Garlic is back! Those of you who were members last year know that we didn’t have garlic. That was because of a poor crop in 2019, in which we had enough to dole out in shares throughout the season but didn’t have enough to keep for seed stock. That meant we were going to have to buy certified organic garlic seed from elsewhere and it is a bit of investment. Once made, you should be able to save your own seed from year to year, to help recover the initial cost. We decided to hold off a year before reinvesting in new garlic stock. It was a rough year! But last fall we did buy 150 lbs garlic seed, planted it, covered it with row cover all winter, weeded it in the spring, and just this past week harvested it! Last night I added 4 cloves of garlic to our dinner because I could. We are swimming in garlic now and it feels (and tastes) so good! We hope you enjoy it as much as we do!

Planting garlic in October 2020
Checking on the Garlic in March
garlic gets uncovered and side dressed with fertilizer
snow kissed garlic
After a spring weeding
We pulled the garlic and laid it out in the field for a couple days to dry
Bringing it in from the field
tops cut and placed on drying tables for the final round of drying


Coming Up Next Week (Our Best Guess….) Kale, Cucumbers, Dill, Purple Scallions, Zucchini, Caraflex Cabbage, Swiss Chard and more!


This Week’s Harvest

Bok Choi
Salad mix
Golden Beets

Farm News

We continue to squeeze in as much as we can between significant rainfalls. Last week we had until Friday evening before we got an additional 3 inches of rain (no wind damage, power stayed on, so that’s great!). We did get the next round of summer squash in but not without excitement. We started planting first thing on Friday and got 3 beds in before the clouds rolled in and the threat of rain seemed imminent. We plant squash with a water wheel transplanter. A large metal wheel with spikes you can place at the appropriate spacing poke holes in plastic mulch. While it pokes holes, it also drops water in each hole from a 100 gallon tank that sits above it. 1 or 2 riders sit behind the wheel and plunge plants into the pre watered holes.

The waterwheel transplanter in action

As soon as it became clear we’d get some rain, the planters popped off the tractor. The tractor operator, Nate, just drove as fast as he could over the remaining 4 beds to get the holes made. Once the holes were made we knew we could easily plant by hand even after a storm. We broke for an early lunch while it thunderstormed and an hour later, and a fresh 1/2 inch of rain later, we finished planting. Got all 7 beds covered for pest protection as well!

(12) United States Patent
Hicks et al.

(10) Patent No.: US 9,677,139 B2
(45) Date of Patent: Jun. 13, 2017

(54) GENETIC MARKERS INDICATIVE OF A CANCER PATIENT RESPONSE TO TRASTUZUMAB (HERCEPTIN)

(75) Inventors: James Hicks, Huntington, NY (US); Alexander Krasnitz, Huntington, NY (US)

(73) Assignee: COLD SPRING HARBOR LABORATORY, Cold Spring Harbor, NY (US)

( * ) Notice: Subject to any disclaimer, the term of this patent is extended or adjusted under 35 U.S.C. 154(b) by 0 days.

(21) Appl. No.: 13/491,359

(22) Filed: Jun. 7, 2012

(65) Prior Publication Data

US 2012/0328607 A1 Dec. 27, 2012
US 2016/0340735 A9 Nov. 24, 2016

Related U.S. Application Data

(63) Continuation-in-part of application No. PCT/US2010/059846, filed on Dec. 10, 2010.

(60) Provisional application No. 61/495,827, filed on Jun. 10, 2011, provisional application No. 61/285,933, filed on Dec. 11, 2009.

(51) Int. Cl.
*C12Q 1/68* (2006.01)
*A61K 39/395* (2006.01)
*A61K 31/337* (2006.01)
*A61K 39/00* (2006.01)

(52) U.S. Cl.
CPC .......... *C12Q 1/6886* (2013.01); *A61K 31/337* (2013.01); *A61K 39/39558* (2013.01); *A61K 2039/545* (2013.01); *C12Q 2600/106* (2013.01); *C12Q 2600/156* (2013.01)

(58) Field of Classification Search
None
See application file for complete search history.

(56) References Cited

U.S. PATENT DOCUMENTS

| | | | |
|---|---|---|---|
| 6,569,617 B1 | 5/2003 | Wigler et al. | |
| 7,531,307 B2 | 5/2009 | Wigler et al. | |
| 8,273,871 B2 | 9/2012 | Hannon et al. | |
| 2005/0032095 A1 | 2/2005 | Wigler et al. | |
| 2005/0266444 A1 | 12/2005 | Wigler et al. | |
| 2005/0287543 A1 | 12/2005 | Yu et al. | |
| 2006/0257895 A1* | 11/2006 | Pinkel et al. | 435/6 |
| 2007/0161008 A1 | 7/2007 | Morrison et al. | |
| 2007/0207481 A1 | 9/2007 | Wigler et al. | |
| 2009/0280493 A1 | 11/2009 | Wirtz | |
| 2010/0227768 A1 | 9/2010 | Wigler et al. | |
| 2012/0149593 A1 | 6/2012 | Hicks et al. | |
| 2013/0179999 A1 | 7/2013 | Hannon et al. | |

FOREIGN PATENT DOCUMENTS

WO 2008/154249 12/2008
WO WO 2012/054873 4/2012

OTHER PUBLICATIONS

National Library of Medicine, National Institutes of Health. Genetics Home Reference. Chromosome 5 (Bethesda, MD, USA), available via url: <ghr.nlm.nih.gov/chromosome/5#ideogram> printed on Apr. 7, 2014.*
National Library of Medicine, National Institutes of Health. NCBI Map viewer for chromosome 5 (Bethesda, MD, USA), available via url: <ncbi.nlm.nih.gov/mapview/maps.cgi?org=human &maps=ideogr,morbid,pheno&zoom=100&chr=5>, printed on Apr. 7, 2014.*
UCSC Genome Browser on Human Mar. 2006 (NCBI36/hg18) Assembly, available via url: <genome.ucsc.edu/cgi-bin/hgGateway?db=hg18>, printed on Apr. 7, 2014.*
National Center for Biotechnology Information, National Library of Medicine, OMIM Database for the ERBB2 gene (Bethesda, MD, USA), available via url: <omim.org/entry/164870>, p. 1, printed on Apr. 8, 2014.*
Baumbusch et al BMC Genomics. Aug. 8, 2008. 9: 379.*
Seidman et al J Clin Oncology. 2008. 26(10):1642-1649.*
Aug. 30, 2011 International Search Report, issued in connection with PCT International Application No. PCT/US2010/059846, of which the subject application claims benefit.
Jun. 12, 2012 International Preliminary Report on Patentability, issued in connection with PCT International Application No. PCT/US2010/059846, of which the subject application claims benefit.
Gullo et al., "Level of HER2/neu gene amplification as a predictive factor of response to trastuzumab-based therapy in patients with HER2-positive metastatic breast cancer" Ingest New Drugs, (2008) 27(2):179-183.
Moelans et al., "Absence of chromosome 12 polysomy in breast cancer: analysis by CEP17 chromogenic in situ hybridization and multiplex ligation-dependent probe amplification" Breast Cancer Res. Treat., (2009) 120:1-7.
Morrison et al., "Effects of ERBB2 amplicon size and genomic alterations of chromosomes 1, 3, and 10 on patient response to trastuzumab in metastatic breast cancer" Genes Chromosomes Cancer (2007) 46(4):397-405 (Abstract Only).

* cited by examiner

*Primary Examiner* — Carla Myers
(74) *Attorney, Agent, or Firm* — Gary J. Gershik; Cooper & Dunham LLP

We ditched riding on the waterwheel so that Nate could drive faster and poke holes in the remaining beds. We planted by hand 1/3 of a bed before the rain came pouring down. Fortunately we were able to get back out and plunge the rest of the plants in the ground.

We are grateful we don’t have to irrigate, but it’s getting close to being too late to plant some starts that are on deck–including the next round of tomatoes. And the weeds LOVE this weather and we don’t want areas of the farm to get out of control. But we got an awful lot done the last time the fields dried out so I don’t doubt we’ll be able to get back at it in a day or two!


Beef and Bok Choy

Zucchini Noodle Bowls with Bok Choy

Roasted Broccoli and Fennel Soup

Roasted Beet and Fennel Sandwich

Coming Up Next Week (our best guess…..) Zucchini, Broccoli, Fennel, Parsley, Kohlrabi, Garlic, Salad Mix, Bok Choy and more!



Farm News

Today we breathe a sigh of relief. We made it through the last 2 weeks with an “abnormally moist air mass” (technical term as disgusting as it sounds). We got 4 inches of rain, which is 2 more inches than what is helpful. The timing of the rain was such that it never dried up enough in between rains for us to do tasks like hilling the corn and potatoes or cultivating the carrots. We did slog through a few major projects we could do without the tractors- planting our melons and weeding and trellising our tomatoes. And last week I told you about our triumphant sweet potato planting and this weekend we had a repeat. We got an additional 5,000 sweet potato slips arrive in the mail on Wednesday and had to wait until Sunday to plant because of wet conditions.

We were able to plant these beds one day later by hand
Planting by hand. The wheel punches holes to plant into
took a peek 5 days later and the melons have so much growth to them already!
got the tomato posts up and first round of twine tied before another pop up rain storm hit.
another soggy harvest
Still able to enjoy the beauty after a brutal week!